Socrates deliberately chose to keep his philosophical conversations with his students and friends an oral tradition and to discuss his philosophy face to face with them. He chose not to write things down at all for a wider audience (i.e. books) and clearly had his reasons for taking this approach. In keeping with this wisdom, talks are organised ‘‘face to face’ in Athens and Delphi in Greece, and occasionally in London, for small informal talks, discussions and philosophical walks.

Socrates never charged money for his teaching and time and most talks and other activities organised by James under the 'Socrates 4 Today' banner are usually without any charge or fee for people who come along.

(Kindly note that details of talks and events arranged by various other individuals and organisations are sometimes posted on this blog for information purposes – and ticket charges may apply in these cases.)

The current face to face activities outlined below are very informal - with other like-minded people who are simply interested in understanding Socrates, Plato and Aristotle or indeed “life” just a little better and finding their own unique philosophical or spiritual path.

Current Activities Include:

1.Introductory Talks and 'Walks with Talk' in Athens and Delphi - Greece

Regular programs of introductory talks, and pedestrian 'walks with talk' are organised in Athens and occasionally in Delphi or London. The talks are very informal and usually followed by a discussion of the philosophical issues raised. “Click” for Details of Talks for 2016 + 2017

2. Coffee, Philosophy and Perhaps A Little Greek Salad.

James regularly meets individual visitors to Athens and Delphi (and sometimes London) - to drink a beer or a coffee and chat “without template” about the ‘real’ Greek philosophy (and spirituality) of Socrates and the ancient Greeks or to answer various other questions people may have.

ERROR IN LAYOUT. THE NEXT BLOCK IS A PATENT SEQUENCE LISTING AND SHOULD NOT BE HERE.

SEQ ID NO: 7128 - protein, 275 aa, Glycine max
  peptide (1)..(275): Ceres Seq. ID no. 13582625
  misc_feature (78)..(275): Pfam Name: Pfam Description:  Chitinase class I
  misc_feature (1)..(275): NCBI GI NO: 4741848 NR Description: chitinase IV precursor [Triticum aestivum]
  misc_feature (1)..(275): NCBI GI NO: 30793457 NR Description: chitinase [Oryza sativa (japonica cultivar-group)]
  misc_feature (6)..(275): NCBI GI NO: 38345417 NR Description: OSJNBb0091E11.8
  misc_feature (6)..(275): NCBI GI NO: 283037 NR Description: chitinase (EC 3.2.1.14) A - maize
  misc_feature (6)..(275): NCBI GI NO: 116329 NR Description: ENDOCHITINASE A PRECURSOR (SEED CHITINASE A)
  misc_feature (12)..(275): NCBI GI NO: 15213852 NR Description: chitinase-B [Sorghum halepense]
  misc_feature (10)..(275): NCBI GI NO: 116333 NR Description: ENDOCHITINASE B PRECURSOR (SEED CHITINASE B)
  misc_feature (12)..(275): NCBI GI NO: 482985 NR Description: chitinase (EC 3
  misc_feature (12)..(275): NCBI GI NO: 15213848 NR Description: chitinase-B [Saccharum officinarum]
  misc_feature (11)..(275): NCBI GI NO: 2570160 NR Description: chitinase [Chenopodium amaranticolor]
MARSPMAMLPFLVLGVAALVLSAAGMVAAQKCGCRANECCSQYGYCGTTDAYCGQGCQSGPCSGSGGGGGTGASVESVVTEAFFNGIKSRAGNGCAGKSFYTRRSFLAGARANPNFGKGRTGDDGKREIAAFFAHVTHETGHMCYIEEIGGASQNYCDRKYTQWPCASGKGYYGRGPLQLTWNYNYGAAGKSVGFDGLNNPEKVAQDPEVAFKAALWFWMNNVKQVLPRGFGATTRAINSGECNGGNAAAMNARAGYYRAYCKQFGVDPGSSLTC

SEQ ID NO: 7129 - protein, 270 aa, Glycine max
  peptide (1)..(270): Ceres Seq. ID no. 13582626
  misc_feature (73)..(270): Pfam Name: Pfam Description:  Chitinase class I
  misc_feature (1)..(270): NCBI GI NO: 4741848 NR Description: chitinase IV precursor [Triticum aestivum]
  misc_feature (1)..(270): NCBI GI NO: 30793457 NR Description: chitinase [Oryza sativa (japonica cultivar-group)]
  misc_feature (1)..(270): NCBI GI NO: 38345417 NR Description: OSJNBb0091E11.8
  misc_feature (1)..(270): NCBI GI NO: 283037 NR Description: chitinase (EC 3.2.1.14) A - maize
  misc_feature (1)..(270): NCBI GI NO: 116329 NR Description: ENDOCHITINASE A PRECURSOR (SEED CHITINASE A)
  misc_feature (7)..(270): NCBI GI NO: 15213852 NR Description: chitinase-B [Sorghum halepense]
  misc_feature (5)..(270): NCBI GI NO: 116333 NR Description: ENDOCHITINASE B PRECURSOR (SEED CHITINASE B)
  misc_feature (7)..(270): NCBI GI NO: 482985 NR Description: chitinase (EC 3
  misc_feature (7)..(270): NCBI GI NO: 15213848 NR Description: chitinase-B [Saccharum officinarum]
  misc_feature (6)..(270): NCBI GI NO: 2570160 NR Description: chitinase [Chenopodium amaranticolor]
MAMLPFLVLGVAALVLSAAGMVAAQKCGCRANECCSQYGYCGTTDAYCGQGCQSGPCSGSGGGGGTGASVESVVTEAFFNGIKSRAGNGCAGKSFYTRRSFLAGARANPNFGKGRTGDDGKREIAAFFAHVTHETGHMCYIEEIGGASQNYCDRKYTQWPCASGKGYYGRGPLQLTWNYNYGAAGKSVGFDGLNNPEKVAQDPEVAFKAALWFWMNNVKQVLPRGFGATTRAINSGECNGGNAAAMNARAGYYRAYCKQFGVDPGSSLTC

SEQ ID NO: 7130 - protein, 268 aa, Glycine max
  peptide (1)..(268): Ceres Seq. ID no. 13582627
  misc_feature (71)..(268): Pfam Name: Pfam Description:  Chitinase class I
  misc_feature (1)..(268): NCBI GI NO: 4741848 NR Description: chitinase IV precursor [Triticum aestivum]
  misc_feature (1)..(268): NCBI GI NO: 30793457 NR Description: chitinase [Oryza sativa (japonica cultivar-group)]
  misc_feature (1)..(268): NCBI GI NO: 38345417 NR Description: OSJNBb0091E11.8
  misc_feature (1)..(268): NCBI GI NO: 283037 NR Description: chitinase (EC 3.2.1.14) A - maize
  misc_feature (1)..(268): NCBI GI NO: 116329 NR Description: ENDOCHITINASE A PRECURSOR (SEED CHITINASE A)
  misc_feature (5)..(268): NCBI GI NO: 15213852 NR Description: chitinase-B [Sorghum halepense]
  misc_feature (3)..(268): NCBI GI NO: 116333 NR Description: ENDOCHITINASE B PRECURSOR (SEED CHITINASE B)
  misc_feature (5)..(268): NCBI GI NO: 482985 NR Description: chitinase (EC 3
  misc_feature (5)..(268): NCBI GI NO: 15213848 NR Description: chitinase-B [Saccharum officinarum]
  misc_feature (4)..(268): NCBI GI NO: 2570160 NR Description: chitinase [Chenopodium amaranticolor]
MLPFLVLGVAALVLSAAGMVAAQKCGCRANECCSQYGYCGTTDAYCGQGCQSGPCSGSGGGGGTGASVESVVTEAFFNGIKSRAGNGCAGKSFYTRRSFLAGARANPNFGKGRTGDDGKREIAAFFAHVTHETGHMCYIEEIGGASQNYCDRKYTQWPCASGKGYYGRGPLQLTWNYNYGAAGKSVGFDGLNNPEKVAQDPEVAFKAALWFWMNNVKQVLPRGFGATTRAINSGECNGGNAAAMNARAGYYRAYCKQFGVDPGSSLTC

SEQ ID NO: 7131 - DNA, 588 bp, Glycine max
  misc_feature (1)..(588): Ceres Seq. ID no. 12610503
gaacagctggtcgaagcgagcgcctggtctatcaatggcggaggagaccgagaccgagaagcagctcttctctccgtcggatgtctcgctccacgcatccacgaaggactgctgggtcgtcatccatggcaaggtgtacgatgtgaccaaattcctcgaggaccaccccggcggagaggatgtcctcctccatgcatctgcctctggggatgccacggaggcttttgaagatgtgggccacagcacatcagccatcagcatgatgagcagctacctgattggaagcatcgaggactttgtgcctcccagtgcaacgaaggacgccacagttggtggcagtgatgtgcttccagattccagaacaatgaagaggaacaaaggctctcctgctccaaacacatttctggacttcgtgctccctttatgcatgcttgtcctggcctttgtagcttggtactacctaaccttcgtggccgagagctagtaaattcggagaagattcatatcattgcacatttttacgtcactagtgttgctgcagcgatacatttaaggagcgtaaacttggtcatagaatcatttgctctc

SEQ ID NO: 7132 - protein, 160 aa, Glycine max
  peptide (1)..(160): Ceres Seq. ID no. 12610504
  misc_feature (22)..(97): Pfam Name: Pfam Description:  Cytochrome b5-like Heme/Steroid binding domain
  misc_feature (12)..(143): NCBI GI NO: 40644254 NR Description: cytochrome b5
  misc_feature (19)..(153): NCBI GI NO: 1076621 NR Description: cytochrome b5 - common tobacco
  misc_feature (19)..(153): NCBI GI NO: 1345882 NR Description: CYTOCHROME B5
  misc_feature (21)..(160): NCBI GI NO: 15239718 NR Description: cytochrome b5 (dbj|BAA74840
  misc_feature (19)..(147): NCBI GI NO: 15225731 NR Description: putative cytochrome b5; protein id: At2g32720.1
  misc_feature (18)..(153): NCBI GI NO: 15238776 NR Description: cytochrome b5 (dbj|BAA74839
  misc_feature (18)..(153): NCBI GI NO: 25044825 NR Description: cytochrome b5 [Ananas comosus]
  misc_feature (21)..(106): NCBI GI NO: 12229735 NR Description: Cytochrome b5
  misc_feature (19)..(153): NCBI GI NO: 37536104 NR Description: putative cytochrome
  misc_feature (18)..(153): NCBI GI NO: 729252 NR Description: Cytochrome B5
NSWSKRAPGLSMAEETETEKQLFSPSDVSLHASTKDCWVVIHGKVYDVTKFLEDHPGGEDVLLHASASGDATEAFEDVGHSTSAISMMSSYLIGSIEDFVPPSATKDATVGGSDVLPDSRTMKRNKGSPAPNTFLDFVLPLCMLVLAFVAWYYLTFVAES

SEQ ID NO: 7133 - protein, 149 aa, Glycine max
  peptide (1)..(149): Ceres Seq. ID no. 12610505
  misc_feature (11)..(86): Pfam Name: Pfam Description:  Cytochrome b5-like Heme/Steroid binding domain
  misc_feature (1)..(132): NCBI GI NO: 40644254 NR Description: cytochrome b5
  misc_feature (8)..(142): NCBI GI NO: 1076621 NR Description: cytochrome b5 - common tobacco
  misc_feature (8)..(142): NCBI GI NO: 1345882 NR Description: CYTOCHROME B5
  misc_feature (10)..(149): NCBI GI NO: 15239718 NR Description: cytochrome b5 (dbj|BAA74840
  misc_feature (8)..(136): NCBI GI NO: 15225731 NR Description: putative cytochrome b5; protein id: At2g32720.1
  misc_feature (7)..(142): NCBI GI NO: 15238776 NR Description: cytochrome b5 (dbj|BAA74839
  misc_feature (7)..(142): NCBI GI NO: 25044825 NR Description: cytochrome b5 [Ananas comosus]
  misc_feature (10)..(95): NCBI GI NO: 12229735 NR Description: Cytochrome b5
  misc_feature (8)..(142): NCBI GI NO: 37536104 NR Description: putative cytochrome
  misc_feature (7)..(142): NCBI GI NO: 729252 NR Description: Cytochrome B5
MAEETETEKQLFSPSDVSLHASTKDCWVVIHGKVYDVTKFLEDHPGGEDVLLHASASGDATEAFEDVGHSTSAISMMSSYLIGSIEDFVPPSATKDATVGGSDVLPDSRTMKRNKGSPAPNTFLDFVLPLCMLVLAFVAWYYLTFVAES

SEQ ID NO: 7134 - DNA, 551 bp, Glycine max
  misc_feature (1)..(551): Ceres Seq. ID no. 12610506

3. Skype Sessions

As well as a growing number of face to face opportunities to discuss philosophy, James and the Socrates 4 Today network of friends can arrange to discuss philosophy on line using Skype where distance prevents face to face meetings.

For further details contact jamesdelphi2000@gmail.com

Embryonic Activities:

The Little Academy of Athens ©

The ancient Greeks had a saying that if you want to do something well: 'Start and finish with the hearth', and it is at the hearth (the kitchens and fireplaces of our homes) that The Little Academy of Athens has started its small and informal school/s for ‘real’ Greek philosophy. The rationale is that if a little house was sufficient for the great Socratic philosopher Proclus to keep Plato's Academy and ideas alive in Athens during the 5th century CE - then it is certainly sufficient for the friends of the Socrates 4 Today project to meet and discuss various subjects and deepen their knowledge in the search for wisdom, truth and perhaps even philosophical enlightenment. Over time it is hoped more and more friends of ‘real’ philosophy will pass through the The Little Academy of Athens, and as a result, shine more brightly and consistently in their own part of the world.

Reviews of Unusual and Interesting Books Associated With Socrates

Atticus the Storyteller's 100 Greek Myths (by Lucy Coats)

This is a great book for anyone who enjoys reading to their children at bedtime, or wants to try and get their children to read more a bit more by themselves. Interesting, enchanting, inspiring, all at the same time. Beautifully produced and with great illustrations to keep young eyes turning the pages. Good clear English for youngsters who want to improve their English language skills as well. (Many of these myths are pillars of our culture and way of life)

See: 100 Greek Myths for Children

'Travels In Elysium' by Williamk Azuski.